And then, a space is created—like through Narrative 4. Good questions are asked or prompts given, and you are presented with someone, even someone you’ve never met, who says, “I’ll sit here, undistracted, uninterested in anything else but your story. And I will listen to you so carefully that I will be able to retell this story as if it were my own.” And when this happens, our stories pour from us. All we needed was a question and another person who wants to listen. Not in order to respond or challenge. They listen simply to hear and learn.
I wonder, what would the world be like if we all took it upon ourselves to be that safe space for story every day, even if only for one person?
Michael T. McRay is an author, educator, and facilitator living in Nashville, TN. He runs Tenx9 Nashville Storytelling and facilitates story-exchanges with Narrative 4. You can follow him on his blog at www.michaelmcray.com or @michaeltmcray on Facebook, Instagram, and Twitter. The next public storytelling event features stories about Parents, of interest to many – details below.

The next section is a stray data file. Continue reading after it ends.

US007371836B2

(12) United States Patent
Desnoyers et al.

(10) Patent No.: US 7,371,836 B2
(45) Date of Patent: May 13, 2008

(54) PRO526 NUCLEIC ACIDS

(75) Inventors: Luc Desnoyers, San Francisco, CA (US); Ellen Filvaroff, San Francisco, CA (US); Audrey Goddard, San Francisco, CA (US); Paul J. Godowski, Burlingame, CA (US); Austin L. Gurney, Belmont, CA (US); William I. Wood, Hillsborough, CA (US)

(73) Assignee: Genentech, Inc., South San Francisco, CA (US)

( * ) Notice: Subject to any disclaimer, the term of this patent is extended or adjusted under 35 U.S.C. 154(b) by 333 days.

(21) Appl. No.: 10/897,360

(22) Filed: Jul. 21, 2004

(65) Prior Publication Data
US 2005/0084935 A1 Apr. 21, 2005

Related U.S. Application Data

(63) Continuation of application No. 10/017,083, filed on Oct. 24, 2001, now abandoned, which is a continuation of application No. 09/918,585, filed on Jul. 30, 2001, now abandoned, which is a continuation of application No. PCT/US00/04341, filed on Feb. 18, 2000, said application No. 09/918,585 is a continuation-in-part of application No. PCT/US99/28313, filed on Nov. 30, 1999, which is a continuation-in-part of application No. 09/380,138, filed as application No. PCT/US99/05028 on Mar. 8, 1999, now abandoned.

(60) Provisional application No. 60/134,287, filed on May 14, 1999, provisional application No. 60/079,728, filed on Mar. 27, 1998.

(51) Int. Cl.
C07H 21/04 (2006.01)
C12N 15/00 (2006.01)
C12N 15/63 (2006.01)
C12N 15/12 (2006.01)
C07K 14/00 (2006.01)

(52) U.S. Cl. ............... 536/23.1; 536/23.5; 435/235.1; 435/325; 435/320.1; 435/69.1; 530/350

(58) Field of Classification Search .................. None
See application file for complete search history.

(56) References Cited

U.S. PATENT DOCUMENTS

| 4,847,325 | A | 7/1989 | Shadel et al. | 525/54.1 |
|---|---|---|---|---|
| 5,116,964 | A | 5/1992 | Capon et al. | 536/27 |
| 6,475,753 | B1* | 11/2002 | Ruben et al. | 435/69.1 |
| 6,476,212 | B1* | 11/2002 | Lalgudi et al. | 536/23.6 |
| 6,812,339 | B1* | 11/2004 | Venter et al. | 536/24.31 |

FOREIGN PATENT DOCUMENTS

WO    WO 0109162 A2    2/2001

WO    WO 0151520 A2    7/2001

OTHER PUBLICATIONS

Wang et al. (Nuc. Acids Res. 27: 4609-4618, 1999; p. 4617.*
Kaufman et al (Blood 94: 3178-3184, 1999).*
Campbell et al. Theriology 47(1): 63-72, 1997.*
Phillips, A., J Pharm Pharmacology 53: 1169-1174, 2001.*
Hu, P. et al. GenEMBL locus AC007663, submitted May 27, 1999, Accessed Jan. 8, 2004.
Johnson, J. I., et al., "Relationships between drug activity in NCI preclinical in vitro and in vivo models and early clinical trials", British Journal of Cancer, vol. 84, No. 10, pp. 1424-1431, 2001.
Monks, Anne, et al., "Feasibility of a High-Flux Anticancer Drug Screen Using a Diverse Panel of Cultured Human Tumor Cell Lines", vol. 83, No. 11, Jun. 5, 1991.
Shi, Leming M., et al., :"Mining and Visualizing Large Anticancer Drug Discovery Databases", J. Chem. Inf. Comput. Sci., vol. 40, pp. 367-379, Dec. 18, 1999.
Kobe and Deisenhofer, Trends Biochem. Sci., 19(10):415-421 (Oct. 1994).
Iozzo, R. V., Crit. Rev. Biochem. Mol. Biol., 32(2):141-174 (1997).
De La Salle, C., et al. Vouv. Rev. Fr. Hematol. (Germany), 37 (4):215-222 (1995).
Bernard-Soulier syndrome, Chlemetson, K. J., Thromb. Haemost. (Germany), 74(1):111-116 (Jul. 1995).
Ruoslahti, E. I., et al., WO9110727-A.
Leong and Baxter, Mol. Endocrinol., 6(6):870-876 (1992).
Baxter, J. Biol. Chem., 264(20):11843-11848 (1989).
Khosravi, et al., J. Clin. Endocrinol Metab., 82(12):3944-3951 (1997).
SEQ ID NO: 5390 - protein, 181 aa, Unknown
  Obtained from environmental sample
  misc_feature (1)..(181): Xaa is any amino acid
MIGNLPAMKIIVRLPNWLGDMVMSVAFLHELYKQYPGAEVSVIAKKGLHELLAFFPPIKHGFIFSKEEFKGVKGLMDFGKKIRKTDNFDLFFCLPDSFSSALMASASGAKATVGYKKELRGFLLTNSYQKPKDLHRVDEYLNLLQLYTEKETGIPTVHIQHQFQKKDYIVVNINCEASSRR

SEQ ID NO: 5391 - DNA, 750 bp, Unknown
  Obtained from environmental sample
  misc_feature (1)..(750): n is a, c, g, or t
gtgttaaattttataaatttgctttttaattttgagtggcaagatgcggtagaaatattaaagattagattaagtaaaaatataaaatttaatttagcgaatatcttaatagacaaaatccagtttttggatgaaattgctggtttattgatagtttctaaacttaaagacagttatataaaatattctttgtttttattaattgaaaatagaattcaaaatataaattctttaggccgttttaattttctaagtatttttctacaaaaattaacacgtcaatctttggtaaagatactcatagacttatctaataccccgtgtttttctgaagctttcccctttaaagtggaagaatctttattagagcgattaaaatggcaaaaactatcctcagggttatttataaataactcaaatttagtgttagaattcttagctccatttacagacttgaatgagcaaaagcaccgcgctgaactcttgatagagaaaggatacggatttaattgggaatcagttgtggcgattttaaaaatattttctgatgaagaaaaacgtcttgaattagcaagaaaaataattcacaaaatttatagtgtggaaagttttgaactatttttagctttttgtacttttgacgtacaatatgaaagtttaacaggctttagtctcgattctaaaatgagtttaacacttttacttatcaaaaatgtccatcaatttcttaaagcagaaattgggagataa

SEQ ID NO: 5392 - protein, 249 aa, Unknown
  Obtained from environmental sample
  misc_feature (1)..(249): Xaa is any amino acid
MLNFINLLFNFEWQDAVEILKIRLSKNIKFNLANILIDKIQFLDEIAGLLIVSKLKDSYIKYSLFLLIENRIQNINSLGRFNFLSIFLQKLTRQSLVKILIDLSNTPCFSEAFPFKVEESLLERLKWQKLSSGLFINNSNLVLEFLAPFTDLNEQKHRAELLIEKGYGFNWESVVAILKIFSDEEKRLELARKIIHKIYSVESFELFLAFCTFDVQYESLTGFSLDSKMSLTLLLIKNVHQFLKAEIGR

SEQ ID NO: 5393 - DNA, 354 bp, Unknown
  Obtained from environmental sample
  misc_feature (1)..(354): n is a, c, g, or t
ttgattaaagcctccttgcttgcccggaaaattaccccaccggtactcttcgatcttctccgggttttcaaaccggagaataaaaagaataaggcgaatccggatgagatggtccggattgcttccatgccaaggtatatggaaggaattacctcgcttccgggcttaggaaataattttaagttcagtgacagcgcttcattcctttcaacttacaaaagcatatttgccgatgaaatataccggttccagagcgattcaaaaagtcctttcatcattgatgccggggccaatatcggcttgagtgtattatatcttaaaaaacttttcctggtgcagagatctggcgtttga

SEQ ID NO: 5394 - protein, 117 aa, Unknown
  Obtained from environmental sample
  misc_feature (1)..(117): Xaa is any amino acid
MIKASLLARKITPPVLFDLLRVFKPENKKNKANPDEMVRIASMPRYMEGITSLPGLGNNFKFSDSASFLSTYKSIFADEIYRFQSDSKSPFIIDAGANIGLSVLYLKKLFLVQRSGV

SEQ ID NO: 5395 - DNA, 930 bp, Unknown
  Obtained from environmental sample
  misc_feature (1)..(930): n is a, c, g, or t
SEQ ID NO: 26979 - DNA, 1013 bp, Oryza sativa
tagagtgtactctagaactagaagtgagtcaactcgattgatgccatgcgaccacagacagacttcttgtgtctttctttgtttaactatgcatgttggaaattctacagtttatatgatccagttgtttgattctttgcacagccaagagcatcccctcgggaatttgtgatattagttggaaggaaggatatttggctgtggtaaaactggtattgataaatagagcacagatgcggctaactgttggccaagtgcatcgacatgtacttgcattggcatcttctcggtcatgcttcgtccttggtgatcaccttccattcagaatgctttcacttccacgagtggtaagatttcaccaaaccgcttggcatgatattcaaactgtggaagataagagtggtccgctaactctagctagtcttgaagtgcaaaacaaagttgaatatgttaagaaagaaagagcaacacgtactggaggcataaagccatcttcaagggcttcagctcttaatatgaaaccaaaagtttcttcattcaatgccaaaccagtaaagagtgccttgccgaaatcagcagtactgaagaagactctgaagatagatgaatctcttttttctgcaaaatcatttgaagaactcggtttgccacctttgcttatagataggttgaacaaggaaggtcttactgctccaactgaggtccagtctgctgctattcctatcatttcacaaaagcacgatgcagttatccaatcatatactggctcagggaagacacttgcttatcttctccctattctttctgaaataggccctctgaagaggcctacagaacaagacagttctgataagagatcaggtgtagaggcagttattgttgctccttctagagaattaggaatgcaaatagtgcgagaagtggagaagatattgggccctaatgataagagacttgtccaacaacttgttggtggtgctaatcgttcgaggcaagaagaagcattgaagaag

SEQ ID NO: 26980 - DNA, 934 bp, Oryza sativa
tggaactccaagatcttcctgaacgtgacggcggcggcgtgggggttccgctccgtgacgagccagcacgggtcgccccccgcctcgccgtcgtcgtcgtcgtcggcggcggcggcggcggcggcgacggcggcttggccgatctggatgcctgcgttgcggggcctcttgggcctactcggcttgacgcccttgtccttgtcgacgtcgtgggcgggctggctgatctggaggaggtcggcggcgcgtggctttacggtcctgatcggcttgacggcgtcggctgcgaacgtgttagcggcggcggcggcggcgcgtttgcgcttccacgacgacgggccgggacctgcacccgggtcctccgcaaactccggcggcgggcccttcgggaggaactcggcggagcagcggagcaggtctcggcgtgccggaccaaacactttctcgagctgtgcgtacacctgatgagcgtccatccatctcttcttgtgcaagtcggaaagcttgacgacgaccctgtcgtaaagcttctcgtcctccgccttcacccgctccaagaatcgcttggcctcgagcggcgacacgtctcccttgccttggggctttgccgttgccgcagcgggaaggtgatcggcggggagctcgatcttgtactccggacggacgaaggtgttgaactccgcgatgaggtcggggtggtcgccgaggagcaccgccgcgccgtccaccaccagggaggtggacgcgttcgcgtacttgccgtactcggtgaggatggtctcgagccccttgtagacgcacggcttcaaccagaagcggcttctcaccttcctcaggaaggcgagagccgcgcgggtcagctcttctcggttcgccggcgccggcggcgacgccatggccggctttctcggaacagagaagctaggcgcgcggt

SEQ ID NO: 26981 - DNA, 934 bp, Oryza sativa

What happened was this person told their partner—someone they’d never met—one of the most precious, painful, and personal stories they have.
Best Book Ever, my blog, is dedicated to exploring memoir and family history story, for “Every life is important.” I’m reminded of this every day as history goes on around us: the big story of politics, wars, weather, the economy, persecutions…But when I listen to the individual’s story, suddenly it is humanity at the forefront. When people tell their life stories, I see the threads of the canvas of history covered with the images of the unique life, the one family, and its myriad connections. It was a first-told story that inspired me to write the song Time to Tell, and then the book by the same name.
If you are not telling or writing your story today, take time to listen to another’s. Strangers make good listeners, too, provided you are sure of a safe environment. Storytelling strengthens our humanity and compassion.